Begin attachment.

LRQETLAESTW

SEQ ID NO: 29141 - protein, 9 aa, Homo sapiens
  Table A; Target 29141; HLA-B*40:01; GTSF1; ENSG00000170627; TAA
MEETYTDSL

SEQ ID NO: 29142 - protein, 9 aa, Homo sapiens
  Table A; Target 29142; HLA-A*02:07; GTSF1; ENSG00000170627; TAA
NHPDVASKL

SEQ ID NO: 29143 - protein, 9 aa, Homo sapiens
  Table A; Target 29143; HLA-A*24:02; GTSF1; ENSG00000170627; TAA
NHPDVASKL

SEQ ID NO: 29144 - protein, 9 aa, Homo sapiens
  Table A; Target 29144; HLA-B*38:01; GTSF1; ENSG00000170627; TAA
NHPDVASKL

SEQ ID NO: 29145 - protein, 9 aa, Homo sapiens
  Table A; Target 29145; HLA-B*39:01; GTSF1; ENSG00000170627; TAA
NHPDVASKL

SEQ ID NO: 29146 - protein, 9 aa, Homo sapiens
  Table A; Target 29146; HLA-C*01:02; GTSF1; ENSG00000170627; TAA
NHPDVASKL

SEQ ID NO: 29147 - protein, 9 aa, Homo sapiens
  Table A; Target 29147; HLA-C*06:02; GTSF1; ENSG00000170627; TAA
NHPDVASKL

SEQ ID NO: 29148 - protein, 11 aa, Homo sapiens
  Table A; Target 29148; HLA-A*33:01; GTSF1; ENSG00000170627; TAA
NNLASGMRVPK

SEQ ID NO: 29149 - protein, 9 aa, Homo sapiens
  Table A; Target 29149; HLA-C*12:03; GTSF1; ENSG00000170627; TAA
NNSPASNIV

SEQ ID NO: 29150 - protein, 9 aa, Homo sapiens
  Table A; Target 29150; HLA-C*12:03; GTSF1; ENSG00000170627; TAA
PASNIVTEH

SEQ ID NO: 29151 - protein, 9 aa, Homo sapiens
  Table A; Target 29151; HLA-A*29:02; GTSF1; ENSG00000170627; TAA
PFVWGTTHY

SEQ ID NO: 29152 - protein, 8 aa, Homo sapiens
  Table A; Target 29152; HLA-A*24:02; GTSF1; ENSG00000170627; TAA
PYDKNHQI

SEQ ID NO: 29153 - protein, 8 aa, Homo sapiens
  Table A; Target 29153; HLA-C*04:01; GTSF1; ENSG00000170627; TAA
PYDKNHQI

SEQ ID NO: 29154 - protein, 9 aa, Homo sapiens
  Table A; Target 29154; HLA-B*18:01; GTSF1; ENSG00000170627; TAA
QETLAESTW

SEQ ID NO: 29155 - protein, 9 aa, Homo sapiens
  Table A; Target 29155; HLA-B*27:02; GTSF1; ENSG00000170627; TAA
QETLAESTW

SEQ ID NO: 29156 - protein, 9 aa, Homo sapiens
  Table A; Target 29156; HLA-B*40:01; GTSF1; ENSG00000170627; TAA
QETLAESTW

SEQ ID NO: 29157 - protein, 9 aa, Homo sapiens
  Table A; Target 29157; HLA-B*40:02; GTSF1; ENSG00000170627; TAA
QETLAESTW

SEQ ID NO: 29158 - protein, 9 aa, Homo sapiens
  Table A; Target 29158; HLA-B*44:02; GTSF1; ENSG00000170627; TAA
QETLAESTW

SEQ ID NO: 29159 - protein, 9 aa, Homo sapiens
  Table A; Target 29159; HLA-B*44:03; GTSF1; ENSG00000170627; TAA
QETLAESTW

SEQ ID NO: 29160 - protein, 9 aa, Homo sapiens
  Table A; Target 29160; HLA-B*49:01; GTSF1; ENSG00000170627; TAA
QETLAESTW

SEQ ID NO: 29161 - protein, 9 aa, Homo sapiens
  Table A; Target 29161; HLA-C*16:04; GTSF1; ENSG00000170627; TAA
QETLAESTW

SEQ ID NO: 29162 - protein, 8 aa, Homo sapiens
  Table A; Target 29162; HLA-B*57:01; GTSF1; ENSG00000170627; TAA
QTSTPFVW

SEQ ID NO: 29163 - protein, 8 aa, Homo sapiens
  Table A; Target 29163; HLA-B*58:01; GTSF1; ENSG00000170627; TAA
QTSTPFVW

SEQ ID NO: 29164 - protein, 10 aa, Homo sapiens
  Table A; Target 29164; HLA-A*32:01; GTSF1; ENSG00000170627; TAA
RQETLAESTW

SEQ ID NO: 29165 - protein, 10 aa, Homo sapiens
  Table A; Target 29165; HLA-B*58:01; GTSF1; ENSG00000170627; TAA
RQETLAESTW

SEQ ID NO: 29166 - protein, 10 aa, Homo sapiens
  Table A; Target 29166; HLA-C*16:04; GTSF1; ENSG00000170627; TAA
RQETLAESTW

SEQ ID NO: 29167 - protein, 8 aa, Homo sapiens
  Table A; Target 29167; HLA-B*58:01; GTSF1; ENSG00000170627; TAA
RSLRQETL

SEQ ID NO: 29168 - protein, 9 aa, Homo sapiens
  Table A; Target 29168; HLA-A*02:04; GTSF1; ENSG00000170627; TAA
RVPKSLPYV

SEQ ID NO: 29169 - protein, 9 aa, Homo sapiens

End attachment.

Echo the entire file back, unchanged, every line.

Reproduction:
LRQETLAESTW

SEQ ID NO: 29141 - protein, 9 aa, Homo sapiens
  Table A; Target 29141; HLA-B*40:01; GTSF1; ENSG00000170627; TAA
MEETYTDSL

SEQ ID NO: 29142 - protein, 9 aa, Homo sapiens
  Table A; Target 29142; HLA-A*02:07; GTSF1; ENSG00000170627; TAA
NHPDVASKL

SEQ ID NO: 29143 - protein, 9 aa, Homo sapiens
  Table A; Target 29143; HLA-A*24:02; GTSF1; ENSG00000170627; TAA
NHPDVASKL

SEQ ID NO: 29144 - protein, 9 aa, Homo sapiens
  Table A; Target 29144; HLA-B*38:01; GTSF1; ENSG00000170627; TAA
NHPDVASKL

SEQ ID NO: 29145 - protein, 9 aa, Homo sapiens
  Table A; Target 29145; HLA-B*39:01; GTSF1; ENSG00000170627; TAA
NHPDVASKL

SEQ ID NO: 29146 - protein, 9 aa, Homo sapiens
  Table A; Target 29146; HLA-C*01:02; GTSF1; ENSG00000170627; TAA
NHPDVASKL

SEQ ID NO: 29147 - protein, 9 aa, Homo sapiens
  Table A; Target 29147; HLA-C*06:02; GTSF1; ENSG00000170627; TAA
NHPDVASKL

SEQ ID NO: 29148 - protein, 11 aa, Homo sapiens
  Table A; Target 29148; HLA-A*33:01; GTSF1; ENSG00000170627; TAA
NNLASGMRVPK

SEQ ID NO: 29149 - protein, 9 aa, Homo sapiens
  Table A; Target 29149; HLA-C*12:03; GTSF1; ENSG00000170627; TAA
NNSPASNIV

SEQ ID NO: 29150 - protein, 9 aa, Homo sapiens
  Table A; Target 29150; HLA-C*12:03; GTSF1; ENSG00000170627; TAA
PASNIVTEH

SEQ ID NO: 29151 - protein, 9 aa, Homo sapiens
  Table A; Target 29151; HLA-A*29:02; GTSF1; ENSG00000170627; TAA
PFVWGTTHY

SEQ ID NO: 29152 - protein, 8 aa, Homo sapiens
  Table A; Target 29152; HLA-A*24:02; GTSF1; ENSG00000170627; TAA
PYDKNHQI

SEQ ID NO: 29153 - protein, 8 aa, Homo sapiens
  Table A; Target 29153; HLA-C*04:01; GTSF1; ENSG00000170627; TAA
PYDKNHQI

SEQ ID NO: 29154 - protein, 9 aa, Homo sapiens
  Table A; Target 29154; HLA-B*18:01; GTSF1; ENSG00000170627; TAA
QETLAESTW

SEQ ID NO: 29155 - protein, 9 aa, Homo sapiens
  Table A; Target 29155; HLA-B*27:02; GTSF1; ENSG00000170627; TAA
QETLAESTW

SEQ ID NO: 29156 - protein, 9 aa, Homo sapiens
  Table A; Target 29156; HLA-B*40:01; GTSF1; ENSG00000170627; TAA
QETLAESTW

SEQ ID NO: 29157 - protein, 9 aa, Homo sapiens
  Table A; Target 29157; HLA-B*40:02; GTSF1; ENSG00000170627; TAA
QETLAESTW

SEQ ID NO: 29158 - protein, 9 aa, Homo sapiens
  Table A; Target 29158; HLA-B*44:02; GTSF1; ENSG00000170627; TAA
QETLAESTW

SEQ ID NO: 29159 - protein, 9 aa, Homo sapiens
  Table A; Target 29159; HLA-B*44:03; GTSF1; ENSG00000170627; TAA
QETLAESTW

SEQ ID NO: 29160 - protein, 9 aa, Homo sapiens
  Table A; Target 29160; HLA-B*49:01; GTSF1; ENSG00000170627; TAA
QETLAESTW

SEQ ID NO: 29161 - protein, 9 aa, Homo sapiens
  Table A; Target 29161; HLA-C*16:04; GTSF1; ENSG00000170627; TAA
QETLAESTW

SEQ ID NO: 29162 - protein, 8 aa, Homo sapiens
  Table A; Target 29162; HLA-B*57:01; GTSF1; ENSG00000170627; TAA
QTSTPFVW

SEQ ID NO: 29163 - protein, 8 aa, Homo sapiens
  Table A; Target 29163; HLA-B*58:01; GTSF1; ENSG00000170627; TAA
QTSTPFVW

SEQ ID NO: 29164 - protein, 10 aa, Homo sapiens
  Table A; Target 29164; HLA-A*32:01; GTSF1; ENSG00000170627; TAA
RQETLAESTW

SEQ ID NO: 29165 - protein, 10 aa, Homo sapiens
  Table A; Target 29165; HLA-B*58:01; GTSF1; ENSG00000170627; TAA
RQETLAESTW

SEQ ID NO: 29166 - protein, 10 aa, Homo sapiens
  Table A; Target 29166; HLA-C*16:04; GTSF1; ENSG00000170627; TAA
RQETLAESTW

SEQ ID NO: 29167 - protein, 8 aa, Homo sapiens
  Table A; Target 29167; HLA-B*58:01; GTSF1; ENSG00000170627; TAA
RSLRQETL

SEQ ID NO: 29168 - protein, 9 aa, Homo sapiens
  Table A; Target 29168; HLA-A*02:04; GTSF1; ENSG00000170627; TAA
RVPKSLPYV

SEQ ID NO: 29169 - protein, 9 aa, Homo sapiens